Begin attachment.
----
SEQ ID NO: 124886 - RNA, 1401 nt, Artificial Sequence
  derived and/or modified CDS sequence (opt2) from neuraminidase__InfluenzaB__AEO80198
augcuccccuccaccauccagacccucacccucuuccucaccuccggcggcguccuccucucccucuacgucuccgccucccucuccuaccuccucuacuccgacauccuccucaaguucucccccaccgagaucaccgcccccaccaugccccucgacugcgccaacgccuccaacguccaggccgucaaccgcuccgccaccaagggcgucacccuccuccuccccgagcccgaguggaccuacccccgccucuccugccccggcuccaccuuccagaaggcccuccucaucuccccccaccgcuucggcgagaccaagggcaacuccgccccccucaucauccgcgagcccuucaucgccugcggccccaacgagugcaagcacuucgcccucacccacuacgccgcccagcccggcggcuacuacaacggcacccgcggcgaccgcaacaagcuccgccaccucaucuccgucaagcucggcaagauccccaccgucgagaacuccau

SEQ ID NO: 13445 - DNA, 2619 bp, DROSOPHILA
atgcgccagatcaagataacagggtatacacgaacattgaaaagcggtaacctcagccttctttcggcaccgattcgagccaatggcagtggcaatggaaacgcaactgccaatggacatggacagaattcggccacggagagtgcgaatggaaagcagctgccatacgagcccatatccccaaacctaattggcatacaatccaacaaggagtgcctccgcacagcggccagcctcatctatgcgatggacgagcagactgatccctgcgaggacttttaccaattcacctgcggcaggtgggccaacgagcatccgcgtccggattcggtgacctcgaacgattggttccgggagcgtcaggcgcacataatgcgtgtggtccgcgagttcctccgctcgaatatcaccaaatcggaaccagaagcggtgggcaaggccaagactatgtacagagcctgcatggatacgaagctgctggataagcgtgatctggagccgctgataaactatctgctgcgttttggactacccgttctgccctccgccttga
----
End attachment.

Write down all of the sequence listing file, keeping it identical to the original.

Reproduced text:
SEQ ID NO: 124886 - RNA, 1401 nt, Artificial Sequence
  derived and/or modified CDS sequence (opt2) from neuraminidase__InfluenzaB__AEO80198
augcuccccuccaccauccagacccucacccucuuccucaccuccggcggcguccuccucucccucuacgucuccgccucccucuccuaccuccucuacuccgacauccuccucaaguucucccccaccgagaucaccgcccccaccaugccccucgacugcgccaacgccuccaacguccaggccgucaaccgcuccgccaccaagggcgucacccuccuccuccccgagcccgaguggaccuacccccgccucuccugccccggcuccaccuuccagaaggcccuccucaucuccccccaccgcuucggcgagaccaagggcaacuccgccccccucaucauccgcgagcccuucaucgccugcggccccaacgagugcaagcacuucgcccucacccacuacgccgcccagcccggcggcuacuacaacggcacccgcggcgaccgcaacaagcuccgccaccucaucuccgucaagcucggcaagauccccaccgucgagaacuccau

SEQ ID NO: 13445 - DNA, 2619 bp, DROSOPHILA
atgcgccagatcaagataacagggtatacacgaacattgaaaagcggtaacctcagccttctttcggcaccgattcgagccaatggcagtggcaatggaaacgcaactgccaatggacatggacagaattcggccacggagagtgcgaatggaaagcagctgccatacgagcccatatccccaaacctaattggcatacaatccaacaaggagtgcctccgcacagcggccagcctcatctatgcgatggacgagcagactgatccctgcgaggacttttaccaattcacctgcggcaggtgggccaacgagcatccgcgtccggattcggtgacctcgaacgattggttccgggagcgtcaggcgcacataatgcgtgtggtccgcgagttcctccgctcgaatatcaccaaatcggaaccagaagcggtgggcaaggccaagactatgtacagagcctgcatggatacgaagctgctggataagcgtgatctggagccgctgataaactatctgctgcgttttggactacccgttctgccctccgccttga